One hundred and twenty-five migrants were arrested in raids on New Year's Eve in Indonesia. The raid on Sun City nightclub in West Jakarta saw 76 Chinese women arrested. An additional 49 migrants were also arrested during similar operations, with individuals coming from various countries such as Australia, Hong Kong, India, Papua New Guinea, France and Italy.
Regional updates: Asia and the Pacific
Hundreds of sex workers were detained in raids conducted in three nightclubs in Beijing on 23 December 2016. Days later, on 25 December, Beijing police shared details of the raids on popular Chinese social media platform, Weibo. The police gave details of the location of the raids: Dongcheng in the east of Beijing and Haidan in the north west.
A recent announcement which has seen two highest value bank notes in India (Rs 500 and Rs 1000) demonetised has had wide reaching impacts on many communities. Demonesation means the bank notes are no longer legal to use.
The Philippine Sex Workers Collective is speaking out against human rights violations against sex workers and drug users. In a statement on their website published on 27 October, the collective explains how oppression against drug users is similar to oppression against sex workers and it is important to stand in solidarity with anyone whose rights are violated.
On the 18 of October, COSWAS, sex workers and allies held a protest outside the Taipei City Government. Protesters asked for the decriminalisation of sex work, for an end to illegal entrapment practices targeting sex workers, and for the government to stop ignoring sex workers. They are asking for safe and legal places to work.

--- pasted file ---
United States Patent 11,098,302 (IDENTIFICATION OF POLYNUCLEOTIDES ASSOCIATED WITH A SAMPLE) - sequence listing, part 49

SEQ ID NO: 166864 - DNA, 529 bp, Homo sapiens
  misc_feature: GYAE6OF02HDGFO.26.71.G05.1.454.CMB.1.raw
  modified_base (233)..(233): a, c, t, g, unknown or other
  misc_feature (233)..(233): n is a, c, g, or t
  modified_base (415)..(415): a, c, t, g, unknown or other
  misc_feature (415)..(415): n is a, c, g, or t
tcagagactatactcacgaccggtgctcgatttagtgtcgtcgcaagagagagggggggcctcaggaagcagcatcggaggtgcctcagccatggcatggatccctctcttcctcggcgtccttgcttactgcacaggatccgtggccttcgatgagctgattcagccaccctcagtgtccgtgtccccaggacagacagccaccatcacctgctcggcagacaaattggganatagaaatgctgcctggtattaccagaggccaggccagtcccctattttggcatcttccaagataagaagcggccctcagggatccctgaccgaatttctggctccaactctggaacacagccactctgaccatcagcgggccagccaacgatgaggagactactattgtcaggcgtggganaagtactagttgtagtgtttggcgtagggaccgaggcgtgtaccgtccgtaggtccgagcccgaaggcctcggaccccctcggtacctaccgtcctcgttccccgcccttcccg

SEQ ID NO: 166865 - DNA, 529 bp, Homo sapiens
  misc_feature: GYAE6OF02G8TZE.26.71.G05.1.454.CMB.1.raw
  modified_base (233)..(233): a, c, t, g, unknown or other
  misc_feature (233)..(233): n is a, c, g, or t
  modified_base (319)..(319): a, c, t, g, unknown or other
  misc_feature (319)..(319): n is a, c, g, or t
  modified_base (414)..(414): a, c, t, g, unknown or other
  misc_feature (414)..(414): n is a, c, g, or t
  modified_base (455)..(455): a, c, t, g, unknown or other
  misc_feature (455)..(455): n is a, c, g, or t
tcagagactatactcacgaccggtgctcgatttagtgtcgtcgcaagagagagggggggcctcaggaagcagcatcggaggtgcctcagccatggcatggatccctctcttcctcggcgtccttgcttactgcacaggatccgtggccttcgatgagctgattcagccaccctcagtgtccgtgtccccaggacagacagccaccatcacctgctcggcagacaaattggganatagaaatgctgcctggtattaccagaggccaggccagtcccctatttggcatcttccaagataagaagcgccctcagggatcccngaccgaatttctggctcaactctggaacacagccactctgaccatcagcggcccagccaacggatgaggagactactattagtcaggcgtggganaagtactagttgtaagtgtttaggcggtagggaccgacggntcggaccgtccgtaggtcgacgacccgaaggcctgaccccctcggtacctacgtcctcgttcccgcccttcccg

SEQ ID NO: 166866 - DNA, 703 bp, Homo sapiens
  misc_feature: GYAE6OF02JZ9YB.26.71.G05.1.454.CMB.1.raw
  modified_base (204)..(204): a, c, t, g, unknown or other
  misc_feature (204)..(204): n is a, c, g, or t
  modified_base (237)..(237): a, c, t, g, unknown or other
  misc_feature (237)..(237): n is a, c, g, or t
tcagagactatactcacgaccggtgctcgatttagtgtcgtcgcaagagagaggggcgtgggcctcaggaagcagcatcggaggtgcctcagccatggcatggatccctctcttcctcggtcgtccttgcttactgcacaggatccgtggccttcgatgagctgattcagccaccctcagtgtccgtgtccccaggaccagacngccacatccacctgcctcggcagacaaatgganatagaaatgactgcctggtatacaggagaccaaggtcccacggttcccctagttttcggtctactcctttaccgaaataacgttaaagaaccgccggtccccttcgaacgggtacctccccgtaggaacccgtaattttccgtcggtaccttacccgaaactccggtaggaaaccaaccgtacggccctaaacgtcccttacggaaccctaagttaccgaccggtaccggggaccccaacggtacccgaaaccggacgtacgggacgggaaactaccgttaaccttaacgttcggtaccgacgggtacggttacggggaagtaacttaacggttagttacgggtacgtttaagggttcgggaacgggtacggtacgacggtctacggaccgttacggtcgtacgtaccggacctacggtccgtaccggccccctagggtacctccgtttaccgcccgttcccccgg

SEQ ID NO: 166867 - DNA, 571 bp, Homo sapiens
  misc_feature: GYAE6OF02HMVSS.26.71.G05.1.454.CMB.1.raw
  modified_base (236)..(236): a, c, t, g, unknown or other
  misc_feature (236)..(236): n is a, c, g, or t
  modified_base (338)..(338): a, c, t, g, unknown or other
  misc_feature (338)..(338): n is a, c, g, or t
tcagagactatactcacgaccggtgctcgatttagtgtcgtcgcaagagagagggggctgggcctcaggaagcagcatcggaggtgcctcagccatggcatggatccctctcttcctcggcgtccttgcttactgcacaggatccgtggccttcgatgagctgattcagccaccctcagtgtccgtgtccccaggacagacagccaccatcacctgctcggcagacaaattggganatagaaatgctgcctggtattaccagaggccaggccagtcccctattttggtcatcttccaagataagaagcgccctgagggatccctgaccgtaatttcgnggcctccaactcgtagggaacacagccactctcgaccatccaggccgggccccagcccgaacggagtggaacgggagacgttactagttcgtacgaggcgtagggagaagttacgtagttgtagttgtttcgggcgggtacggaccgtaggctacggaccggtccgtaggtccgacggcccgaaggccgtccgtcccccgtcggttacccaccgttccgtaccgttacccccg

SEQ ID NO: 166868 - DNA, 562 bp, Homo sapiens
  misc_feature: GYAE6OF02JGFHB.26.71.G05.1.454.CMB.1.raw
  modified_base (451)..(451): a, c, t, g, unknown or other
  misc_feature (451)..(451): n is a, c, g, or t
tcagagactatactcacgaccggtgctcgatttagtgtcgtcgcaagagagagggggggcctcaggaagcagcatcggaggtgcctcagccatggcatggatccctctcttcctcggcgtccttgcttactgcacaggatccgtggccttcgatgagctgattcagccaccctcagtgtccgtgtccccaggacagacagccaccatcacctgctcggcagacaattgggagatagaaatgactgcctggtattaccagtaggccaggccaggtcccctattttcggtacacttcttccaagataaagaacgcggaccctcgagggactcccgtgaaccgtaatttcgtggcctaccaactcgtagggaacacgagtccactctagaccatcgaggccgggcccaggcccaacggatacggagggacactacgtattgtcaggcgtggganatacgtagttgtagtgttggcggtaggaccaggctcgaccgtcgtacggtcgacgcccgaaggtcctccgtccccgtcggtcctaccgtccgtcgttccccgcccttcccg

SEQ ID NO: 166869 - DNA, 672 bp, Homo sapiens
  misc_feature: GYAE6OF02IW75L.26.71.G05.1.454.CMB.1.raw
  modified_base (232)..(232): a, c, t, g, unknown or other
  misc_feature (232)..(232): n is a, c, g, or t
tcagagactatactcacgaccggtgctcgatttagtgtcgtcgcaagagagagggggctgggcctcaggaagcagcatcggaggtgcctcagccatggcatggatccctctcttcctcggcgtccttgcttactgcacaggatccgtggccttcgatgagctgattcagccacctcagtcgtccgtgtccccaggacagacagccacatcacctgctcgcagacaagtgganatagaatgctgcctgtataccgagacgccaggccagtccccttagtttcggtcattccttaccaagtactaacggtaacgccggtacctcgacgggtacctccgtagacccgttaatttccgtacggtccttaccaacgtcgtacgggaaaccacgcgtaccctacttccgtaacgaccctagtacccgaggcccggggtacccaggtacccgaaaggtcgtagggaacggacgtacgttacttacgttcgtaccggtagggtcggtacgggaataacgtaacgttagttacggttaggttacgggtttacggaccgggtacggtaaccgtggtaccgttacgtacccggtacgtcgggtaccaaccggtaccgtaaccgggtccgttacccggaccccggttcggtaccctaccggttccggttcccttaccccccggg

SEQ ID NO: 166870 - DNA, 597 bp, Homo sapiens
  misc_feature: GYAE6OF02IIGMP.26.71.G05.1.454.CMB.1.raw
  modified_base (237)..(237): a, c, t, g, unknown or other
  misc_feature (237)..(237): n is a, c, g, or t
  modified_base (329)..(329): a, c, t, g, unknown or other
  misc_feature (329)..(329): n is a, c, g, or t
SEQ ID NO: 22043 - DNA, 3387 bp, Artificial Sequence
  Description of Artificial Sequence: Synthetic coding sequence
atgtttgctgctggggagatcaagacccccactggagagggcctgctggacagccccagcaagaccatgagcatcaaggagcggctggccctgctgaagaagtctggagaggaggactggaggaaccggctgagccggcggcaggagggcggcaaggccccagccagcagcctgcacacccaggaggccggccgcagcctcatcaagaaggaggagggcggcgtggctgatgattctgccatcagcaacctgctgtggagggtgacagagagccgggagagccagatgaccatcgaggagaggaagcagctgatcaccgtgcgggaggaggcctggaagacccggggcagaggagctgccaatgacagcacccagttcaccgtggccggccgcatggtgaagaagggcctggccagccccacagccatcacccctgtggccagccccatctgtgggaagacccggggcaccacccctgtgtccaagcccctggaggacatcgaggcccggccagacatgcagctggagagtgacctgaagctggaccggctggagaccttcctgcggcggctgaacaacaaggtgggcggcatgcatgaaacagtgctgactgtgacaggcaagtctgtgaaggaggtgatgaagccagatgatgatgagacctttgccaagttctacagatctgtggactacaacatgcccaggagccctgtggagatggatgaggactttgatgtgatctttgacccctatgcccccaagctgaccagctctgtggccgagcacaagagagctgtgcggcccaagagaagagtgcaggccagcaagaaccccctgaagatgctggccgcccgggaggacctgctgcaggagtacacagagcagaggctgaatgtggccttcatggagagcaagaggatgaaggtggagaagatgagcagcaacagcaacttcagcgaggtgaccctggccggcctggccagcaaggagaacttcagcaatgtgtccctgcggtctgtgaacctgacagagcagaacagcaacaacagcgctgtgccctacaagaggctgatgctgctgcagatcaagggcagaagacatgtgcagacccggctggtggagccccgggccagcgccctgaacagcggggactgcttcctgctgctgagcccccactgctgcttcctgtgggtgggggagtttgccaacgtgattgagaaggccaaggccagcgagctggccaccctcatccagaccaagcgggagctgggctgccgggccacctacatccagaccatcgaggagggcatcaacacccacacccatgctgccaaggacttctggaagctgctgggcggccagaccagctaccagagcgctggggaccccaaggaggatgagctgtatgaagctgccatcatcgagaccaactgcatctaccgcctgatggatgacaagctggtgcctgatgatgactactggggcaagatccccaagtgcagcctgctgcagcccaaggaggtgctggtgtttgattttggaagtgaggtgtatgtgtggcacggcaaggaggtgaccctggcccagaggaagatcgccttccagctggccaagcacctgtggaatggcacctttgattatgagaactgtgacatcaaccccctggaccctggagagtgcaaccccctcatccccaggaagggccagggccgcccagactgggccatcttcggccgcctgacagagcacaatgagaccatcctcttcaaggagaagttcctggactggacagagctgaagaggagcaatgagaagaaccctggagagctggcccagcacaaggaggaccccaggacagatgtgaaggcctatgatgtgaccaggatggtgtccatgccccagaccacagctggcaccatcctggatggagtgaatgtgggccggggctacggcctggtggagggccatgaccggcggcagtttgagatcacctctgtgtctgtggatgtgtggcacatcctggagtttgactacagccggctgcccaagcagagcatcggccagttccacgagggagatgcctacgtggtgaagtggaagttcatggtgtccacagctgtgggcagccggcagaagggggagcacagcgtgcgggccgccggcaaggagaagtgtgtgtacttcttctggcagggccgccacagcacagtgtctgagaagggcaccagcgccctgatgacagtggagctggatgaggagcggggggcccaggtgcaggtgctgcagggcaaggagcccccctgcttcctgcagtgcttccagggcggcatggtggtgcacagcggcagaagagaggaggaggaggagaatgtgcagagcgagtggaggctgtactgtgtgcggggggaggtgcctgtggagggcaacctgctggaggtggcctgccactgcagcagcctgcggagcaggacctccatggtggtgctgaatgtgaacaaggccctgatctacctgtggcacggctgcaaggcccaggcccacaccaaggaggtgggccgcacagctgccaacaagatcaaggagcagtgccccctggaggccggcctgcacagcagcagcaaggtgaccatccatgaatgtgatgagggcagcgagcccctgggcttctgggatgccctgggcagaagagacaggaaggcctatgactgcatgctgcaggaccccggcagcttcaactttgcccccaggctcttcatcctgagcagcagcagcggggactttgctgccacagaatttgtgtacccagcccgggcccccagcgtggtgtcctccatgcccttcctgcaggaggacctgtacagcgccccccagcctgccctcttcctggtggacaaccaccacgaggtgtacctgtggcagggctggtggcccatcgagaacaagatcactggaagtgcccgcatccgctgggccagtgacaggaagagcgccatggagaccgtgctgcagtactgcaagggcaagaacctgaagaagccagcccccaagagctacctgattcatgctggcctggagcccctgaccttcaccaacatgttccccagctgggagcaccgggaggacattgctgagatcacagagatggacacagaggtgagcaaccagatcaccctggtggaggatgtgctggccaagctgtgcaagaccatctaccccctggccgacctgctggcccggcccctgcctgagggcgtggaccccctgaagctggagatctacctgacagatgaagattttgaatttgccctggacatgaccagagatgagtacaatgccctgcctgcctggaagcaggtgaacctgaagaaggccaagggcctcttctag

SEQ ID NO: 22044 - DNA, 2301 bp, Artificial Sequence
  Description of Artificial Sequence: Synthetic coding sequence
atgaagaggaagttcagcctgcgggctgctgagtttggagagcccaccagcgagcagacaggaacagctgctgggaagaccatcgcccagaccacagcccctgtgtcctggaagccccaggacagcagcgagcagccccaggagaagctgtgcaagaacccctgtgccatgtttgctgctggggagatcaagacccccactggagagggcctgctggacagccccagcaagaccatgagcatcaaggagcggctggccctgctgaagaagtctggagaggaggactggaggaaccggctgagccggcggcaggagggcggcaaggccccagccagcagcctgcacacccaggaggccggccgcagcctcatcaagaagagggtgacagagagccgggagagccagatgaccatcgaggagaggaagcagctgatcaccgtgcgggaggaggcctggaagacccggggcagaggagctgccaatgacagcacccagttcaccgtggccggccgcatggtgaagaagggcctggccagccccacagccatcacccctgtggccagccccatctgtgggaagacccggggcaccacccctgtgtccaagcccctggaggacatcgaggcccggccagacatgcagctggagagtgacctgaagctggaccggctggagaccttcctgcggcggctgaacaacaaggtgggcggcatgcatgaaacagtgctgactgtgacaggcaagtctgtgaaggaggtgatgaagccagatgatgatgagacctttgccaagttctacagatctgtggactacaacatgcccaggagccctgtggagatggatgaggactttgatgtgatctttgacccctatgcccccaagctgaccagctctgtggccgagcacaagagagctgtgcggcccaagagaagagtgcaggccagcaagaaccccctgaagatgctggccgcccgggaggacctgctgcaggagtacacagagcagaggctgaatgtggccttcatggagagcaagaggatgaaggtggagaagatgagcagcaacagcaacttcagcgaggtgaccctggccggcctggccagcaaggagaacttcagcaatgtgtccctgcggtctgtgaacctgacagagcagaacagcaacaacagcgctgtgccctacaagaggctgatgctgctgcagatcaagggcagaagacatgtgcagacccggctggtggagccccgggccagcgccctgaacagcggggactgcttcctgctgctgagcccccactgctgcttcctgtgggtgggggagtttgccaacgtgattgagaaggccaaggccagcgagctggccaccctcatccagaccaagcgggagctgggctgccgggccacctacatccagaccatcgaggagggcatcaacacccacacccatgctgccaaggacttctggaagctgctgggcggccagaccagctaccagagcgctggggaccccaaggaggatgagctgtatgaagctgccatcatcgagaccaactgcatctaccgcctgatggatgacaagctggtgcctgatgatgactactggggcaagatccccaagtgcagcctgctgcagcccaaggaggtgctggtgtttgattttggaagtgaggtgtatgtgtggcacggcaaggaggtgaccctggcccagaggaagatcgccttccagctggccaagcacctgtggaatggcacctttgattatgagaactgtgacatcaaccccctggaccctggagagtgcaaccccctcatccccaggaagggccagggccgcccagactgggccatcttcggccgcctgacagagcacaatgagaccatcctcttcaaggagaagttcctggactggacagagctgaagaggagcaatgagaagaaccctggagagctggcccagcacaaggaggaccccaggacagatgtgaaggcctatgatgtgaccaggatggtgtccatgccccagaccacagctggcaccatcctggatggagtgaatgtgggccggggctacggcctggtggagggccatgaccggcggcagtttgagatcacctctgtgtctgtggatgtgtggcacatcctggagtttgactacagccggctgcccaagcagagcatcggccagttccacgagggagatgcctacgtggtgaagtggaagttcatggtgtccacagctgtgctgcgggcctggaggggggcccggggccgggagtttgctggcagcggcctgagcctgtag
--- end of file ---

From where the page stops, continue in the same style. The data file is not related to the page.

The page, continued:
The Asia Pacific Network of Sex Workers (APNSW) facilitated a 3-day training in Kathmandu, Nepal from the 21-23 of September. Twenty-three male, female, and transgender sex workers from attended the workshop across the nation. Sex worker participants represented JMMS, Nepal’s National Federation of Female Sex Workers; and Blue Diamond Society, Nepal’s national GLBTIQ representative network.
Khwaja sara (also known as Hijra, third gender or transgender) sex workers in Pakistan experience stigma, discrimination and criminalisation, as well as lack of rights and access to healthcare.
Gulmakai, a khwaja sara sex worker, says hostility towards khwaja saras is "embedded at every level, from every day affairs to the government". Sex work is an occupation in which khwaja saras are able to make a living, unlike many other industries which continue to heavily discriminate and exclude member of her community.
The Asia Pacific Network of Sex Workers (APNSW) in collaboration with the HIV/AIDS Research and Welfare Centre (HARC) organised a 3-day training from the 4-6 September 2016 the on Sex Workers Implementation Tool (SWIT). A total of 25 sex workers from various cities across Bangladesh participated in the training.
‘This is Us” a museum in Thailand dedicated to documenting the lives and history of sex work is set to open to the public later this month. The museum is run by sex worker-led organisation Empower Foundation. Although the museum has existed for years, previously it was only open for private visits booked in advance.
A new report by Asia Catalyst has brought attention to the impact of laws and policing on sex workers in China. Released on the 25th of July, The Condom Quandary: A Survey of the Impact of Law Enforcement Practices on Effective HIV Prevention among Male, Female, and Transgender Sex Workers in China highlights the severe and widespread impact of using condoms as evidence of sex work on sex workers. Drawing on the experiences of the 517 sex workers involved in the research, the report urges that sex work be decriminalised and that sex workers be properly consulted and recognised as key stakeholders in laws and policies concerning sex workers.